Cargo Agents from Heathrow and Gatwick were among those who took part in a BCal Cargo Pro-Am golf tournament at the RAC Club at Epsom. Sixteen teams, comprising of one professional and three amateurs played eighteen holes of the down land course for the first prize, second and third prizes of attractive tartan shields.

The event was won by a team led by BCal Golfing Lions Captain, Ewan Murray and included Peter Cavill from Viking Air Freight; Dick Dardie from Atlas Air and Peter Barrie from BCal Cargo, with a net score of 62. In second place on 65 were Pro Roger Fiddler, Viv Morgan of Morgan Air Freight, Capt. W Biggs (Captain of the RAC Club) and John Warren from BCal. The team led by Pro Norman Wood comprising Colin Young, Pandair-Manchester, Henry Rowe - Kingsley Aviation and Philip de Looper from Pan Aircraft at Gatwick, finished in third place.
The Golfing Lions in Argentina - 1978 - by Philip Prince

Philip was a member of the Buenos Aires sales staff for the last seven years of BCal flying to Argentina (1978-1985) and he recalls the Golfing Lions visits to Argentina.

One morning Mr. Alfredo Healy General Manager for Argentina called me in to his office to explain and inform me that the company contracted a group of young and upcoming professional golfers playing in Europe known as the BCAL Golfing Lions. Head office were interested to check out the possibility for them to come out to play in Argentina and also Chile.  As a keen golfer I was then instructed to investigate what the possibilities were to send them out.

Today he is the President of the Argentina Golf Association (AGA), but in those days as a new young committee member he arranged for me to attend one of Associations weekly evening meetings to explain what the BCAL Lions were all about and to persuade the then President to have them playing in Argentina. If not mistaken all this occurred only month prior to the 1978 Argentine Open.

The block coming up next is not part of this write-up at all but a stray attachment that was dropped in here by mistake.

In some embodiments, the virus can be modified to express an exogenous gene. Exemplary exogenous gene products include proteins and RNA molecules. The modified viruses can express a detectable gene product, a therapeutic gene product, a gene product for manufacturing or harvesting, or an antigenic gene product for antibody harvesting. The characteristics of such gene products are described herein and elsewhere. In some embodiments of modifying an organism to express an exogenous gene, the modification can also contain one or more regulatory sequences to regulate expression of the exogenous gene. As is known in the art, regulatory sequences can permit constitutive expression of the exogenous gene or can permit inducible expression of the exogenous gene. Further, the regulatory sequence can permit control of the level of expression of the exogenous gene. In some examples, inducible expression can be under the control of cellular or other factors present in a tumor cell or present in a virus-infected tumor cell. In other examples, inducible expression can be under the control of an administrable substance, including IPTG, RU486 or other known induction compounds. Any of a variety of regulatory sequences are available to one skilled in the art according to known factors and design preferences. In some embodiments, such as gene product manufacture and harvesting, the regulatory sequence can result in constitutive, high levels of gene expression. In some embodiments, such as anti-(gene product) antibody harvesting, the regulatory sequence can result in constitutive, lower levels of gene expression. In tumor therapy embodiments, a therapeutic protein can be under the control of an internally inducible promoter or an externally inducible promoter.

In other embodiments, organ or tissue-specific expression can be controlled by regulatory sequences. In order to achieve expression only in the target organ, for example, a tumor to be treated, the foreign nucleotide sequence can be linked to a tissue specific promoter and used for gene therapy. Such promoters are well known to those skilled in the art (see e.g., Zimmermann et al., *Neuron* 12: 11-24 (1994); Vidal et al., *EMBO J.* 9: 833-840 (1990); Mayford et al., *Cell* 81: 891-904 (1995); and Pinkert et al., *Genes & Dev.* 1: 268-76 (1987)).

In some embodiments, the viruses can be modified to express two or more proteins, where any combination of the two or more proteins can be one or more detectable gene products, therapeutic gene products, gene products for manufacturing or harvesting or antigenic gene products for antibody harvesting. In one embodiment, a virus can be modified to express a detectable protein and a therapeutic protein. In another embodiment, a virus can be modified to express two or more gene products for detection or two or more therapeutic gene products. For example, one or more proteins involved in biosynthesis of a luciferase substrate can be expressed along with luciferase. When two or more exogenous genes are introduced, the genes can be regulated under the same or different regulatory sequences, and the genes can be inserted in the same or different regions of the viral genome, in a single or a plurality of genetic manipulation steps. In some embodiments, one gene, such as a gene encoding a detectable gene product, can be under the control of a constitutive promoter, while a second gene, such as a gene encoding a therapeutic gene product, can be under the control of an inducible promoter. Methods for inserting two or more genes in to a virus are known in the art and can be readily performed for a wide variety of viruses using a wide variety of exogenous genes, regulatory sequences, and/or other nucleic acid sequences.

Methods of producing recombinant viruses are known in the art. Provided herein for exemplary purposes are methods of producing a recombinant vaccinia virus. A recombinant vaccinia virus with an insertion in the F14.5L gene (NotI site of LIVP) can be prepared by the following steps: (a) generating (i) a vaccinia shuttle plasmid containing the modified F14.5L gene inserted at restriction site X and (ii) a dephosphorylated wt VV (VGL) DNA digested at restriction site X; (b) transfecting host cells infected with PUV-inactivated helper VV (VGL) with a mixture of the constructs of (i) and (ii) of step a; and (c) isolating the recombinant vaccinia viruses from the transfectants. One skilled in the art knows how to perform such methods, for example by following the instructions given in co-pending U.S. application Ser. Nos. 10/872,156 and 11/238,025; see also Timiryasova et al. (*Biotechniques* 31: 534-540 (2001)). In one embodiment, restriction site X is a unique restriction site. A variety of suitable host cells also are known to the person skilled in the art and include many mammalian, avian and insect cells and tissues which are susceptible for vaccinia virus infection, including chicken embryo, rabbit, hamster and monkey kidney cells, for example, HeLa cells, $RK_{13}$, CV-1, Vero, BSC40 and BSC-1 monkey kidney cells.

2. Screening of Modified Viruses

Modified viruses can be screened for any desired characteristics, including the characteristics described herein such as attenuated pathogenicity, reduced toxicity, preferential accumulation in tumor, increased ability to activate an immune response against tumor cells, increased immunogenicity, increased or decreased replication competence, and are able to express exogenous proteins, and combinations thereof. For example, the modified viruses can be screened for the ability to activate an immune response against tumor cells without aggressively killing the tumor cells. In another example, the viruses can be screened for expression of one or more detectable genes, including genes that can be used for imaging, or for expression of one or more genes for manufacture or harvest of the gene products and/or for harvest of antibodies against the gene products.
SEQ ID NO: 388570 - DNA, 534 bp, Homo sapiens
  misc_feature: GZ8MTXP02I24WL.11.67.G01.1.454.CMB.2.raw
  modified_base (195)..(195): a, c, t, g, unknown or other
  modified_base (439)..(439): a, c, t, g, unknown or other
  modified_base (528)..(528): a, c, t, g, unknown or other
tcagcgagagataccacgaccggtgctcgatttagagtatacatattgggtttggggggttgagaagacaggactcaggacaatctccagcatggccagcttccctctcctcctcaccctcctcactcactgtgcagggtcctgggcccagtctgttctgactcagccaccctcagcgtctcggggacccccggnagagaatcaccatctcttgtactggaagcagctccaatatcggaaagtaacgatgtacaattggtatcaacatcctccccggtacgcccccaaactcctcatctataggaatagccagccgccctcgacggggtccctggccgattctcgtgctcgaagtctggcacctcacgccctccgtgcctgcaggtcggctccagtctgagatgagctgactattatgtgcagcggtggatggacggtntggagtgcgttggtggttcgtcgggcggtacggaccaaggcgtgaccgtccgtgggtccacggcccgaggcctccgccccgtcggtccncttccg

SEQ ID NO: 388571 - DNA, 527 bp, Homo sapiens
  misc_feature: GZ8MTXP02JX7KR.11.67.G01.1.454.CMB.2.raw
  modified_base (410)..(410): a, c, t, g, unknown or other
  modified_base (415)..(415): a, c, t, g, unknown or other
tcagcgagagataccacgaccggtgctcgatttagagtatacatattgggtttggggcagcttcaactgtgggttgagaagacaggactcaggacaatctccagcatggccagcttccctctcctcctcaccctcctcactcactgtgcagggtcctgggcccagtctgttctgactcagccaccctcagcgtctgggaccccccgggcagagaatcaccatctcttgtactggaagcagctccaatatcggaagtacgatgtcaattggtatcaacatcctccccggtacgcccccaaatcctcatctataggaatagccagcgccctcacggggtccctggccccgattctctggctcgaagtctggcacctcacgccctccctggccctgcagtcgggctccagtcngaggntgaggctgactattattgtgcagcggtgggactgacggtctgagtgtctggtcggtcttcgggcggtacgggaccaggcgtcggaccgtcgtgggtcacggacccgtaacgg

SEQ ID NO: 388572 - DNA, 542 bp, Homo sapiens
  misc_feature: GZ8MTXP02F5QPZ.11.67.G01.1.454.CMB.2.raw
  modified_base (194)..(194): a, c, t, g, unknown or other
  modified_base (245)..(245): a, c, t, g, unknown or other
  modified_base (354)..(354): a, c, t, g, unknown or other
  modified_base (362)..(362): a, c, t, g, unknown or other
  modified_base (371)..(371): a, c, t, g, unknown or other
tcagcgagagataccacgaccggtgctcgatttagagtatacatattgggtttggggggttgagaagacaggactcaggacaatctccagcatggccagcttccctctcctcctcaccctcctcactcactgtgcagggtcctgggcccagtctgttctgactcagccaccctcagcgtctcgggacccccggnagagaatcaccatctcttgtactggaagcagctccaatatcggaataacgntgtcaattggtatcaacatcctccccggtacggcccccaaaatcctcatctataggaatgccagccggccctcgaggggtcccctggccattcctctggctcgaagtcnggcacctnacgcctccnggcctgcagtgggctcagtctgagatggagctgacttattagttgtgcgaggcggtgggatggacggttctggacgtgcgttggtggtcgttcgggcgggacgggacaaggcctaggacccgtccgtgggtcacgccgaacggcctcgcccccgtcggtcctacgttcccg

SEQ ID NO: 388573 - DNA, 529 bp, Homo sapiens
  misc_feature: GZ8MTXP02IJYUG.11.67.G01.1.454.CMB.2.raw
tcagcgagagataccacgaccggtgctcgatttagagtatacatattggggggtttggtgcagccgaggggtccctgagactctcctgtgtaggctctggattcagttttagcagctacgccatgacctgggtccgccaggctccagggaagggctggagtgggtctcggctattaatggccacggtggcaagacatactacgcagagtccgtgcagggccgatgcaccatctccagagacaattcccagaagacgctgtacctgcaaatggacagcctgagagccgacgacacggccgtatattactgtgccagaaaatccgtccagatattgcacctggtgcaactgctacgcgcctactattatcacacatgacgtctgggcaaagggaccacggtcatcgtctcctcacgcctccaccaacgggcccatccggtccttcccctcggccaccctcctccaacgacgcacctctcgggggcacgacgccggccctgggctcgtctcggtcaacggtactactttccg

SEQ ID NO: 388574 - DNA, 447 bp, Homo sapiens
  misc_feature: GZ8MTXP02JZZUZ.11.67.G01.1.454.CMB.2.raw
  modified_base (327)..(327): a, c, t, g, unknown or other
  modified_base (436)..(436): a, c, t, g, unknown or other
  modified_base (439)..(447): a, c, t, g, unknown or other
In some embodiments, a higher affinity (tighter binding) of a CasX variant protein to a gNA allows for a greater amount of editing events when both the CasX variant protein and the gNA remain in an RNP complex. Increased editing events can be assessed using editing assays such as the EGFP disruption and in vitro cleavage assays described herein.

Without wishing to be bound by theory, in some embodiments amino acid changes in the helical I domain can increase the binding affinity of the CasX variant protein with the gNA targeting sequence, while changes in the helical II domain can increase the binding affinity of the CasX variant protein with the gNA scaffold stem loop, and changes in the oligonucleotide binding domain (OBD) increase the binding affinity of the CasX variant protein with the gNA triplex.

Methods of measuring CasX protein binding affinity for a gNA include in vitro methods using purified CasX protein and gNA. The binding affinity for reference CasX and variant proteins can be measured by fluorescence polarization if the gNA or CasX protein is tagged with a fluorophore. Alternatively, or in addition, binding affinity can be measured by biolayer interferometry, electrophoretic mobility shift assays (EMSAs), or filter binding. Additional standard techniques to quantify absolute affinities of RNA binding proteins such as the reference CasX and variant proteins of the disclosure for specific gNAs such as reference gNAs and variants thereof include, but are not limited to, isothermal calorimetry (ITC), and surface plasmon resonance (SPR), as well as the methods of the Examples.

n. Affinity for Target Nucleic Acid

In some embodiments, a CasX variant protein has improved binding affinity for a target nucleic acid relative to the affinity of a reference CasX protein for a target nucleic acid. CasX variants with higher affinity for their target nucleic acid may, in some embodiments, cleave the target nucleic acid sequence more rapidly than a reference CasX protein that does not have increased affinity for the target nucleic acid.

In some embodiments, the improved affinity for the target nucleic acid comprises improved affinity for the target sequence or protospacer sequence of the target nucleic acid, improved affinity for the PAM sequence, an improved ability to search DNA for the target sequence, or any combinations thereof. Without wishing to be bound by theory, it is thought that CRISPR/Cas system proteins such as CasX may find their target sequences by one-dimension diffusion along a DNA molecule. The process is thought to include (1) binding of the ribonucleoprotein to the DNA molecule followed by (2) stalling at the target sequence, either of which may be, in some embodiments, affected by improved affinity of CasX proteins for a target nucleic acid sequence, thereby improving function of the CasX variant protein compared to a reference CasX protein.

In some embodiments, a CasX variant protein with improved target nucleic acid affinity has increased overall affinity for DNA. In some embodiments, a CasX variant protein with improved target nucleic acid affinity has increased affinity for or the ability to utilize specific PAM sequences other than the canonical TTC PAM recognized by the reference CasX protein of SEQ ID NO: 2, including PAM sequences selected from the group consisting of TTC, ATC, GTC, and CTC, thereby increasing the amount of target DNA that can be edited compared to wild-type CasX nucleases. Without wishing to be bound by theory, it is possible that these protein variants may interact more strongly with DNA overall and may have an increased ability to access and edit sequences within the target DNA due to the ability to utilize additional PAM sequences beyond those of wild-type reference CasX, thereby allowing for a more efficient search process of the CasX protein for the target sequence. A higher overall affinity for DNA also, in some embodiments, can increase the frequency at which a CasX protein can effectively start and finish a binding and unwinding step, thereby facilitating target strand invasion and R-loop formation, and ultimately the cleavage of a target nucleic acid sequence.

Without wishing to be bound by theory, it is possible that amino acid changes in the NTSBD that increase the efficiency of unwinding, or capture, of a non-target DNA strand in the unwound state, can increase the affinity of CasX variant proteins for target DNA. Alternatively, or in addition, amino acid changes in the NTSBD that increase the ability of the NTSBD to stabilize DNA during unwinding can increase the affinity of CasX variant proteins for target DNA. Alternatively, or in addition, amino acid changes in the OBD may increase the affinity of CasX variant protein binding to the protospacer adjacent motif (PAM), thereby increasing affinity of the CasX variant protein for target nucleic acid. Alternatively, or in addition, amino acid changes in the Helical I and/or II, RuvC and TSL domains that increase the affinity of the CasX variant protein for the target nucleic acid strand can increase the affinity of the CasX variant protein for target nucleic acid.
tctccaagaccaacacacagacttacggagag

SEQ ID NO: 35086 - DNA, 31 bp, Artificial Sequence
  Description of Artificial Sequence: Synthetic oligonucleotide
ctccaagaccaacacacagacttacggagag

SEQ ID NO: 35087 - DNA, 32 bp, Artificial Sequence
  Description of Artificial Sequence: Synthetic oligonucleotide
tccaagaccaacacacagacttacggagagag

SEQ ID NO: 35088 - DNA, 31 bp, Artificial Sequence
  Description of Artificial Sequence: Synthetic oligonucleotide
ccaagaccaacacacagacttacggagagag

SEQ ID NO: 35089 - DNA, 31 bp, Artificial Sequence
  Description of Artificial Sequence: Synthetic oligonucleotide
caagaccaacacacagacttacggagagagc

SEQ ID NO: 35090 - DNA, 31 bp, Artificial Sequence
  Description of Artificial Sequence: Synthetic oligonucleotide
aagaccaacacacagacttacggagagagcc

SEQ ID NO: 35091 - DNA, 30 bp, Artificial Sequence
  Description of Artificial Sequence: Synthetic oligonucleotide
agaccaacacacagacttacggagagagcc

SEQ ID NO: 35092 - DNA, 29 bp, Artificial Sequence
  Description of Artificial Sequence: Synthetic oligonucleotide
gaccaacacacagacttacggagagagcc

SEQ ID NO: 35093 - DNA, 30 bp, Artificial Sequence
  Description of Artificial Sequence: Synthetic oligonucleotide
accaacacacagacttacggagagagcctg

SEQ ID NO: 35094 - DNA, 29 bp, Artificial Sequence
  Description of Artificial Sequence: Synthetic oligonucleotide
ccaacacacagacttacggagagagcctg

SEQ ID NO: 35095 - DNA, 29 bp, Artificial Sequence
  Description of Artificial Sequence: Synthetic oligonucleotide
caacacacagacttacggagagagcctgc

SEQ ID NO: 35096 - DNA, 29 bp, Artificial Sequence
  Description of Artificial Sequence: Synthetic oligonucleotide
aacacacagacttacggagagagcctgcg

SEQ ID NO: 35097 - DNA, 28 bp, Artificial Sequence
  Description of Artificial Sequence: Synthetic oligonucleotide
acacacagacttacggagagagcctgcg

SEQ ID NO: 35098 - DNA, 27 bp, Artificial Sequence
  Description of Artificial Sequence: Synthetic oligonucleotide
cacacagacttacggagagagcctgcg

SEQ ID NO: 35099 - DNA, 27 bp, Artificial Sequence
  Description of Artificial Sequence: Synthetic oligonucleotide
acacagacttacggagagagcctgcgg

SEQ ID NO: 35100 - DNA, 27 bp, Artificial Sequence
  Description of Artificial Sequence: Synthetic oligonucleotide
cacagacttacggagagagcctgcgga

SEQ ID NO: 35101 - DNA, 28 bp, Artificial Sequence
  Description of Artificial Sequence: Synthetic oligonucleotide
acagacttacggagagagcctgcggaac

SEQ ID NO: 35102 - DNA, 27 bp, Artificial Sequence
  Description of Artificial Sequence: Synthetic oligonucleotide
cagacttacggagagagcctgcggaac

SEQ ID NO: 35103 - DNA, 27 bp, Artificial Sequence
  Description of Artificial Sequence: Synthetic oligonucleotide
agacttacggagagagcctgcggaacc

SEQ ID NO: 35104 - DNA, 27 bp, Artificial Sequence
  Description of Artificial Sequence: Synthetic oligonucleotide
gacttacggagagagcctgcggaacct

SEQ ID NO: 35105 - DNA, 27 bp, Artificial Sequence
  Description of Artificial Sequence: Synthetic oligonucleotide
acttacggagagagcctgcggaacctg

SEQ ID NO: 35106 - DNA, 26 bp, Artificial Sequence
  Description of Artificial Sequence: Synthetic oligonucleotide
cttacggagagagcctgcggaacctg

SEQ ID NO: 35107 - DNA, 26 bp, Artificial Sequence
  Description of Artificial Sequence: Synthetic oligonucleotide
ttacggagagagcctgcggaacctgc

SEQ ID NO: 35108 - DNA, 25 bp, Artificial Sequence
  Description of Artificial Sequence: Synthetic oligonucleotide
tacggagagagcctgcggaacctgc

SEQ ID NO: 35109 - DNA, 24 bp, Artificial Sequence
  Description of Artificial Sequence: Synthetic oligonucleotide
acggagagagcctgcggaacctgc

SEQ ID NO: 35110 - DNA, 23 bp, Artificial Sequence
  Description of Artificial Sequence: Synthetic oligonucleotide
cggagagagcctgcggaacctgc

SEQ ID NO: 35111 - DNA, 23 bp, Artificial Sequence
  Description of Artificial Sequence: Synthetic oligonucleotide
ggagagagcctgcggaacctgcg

The Association had no further budget for this event. As done traditionally they had spent good money contracting a relevant player of the time. I am not sure if for that year it was Tom Watson or Tom Weinskopf. Nevertheless although BCAL flew them out they could not cover the remaining players expenses.

After a few more meetings with the AGA they confirmed that they would cover the hotel expenses and the shuttle bus transfer between the hotel and the golf course. We were granted permission to advertise with large banners that we placed on the 1st tee, 10th and 18th green where the larger public stands were positioned. And we also could invite nine clients to play the pro-am.

The Lions played the Argentine Open twice. In 1978 The first visit of young - still not famous - British golfers included: Mike Ingles, Martin Roxon, Bill Reid, Sam Cox, Steve Martin, Sandy Lyle, and Sam Torrance,  (Runner up of that years Open). Many of these shortly became famous and did not return for a second time.

On the second occasion, one of BCal's guests playing in the Pro-Am had to cancel on the day and I took his place and played with Mike Miller. Below we have some photos from Philip from the 2nd Golfing Lions trip to Argentina.
1982 is the last story / report I can find on the BCal Golfing Lions, the archive is not exhaustive.......maybe someone knows when it all ended?

Also, during the mid 1970's Derick Pillage had a column, Around the Green, in the company newspaper and I have found three of his monthly columns and these are reproduced below. The references are of course accurate to the era when Derick wrote them. The only embelishment is I have made is to highlight the names of the BCal Golfing Lions so their names can be seen.

The 1976 Safari Golf Tour
by Derick Pillage BCal's Golf Consultant. (Report from May 1976)

The 1976 Safari Golf Tour has now finished. For many British Gold professionals - including the British Caledonian Golfing Lions - the tour provides a useful starting-block to the year’s packed calendar of golf events. The Lions put up a good performance in Africa, but unfortunately the major titles remained out of their grasp.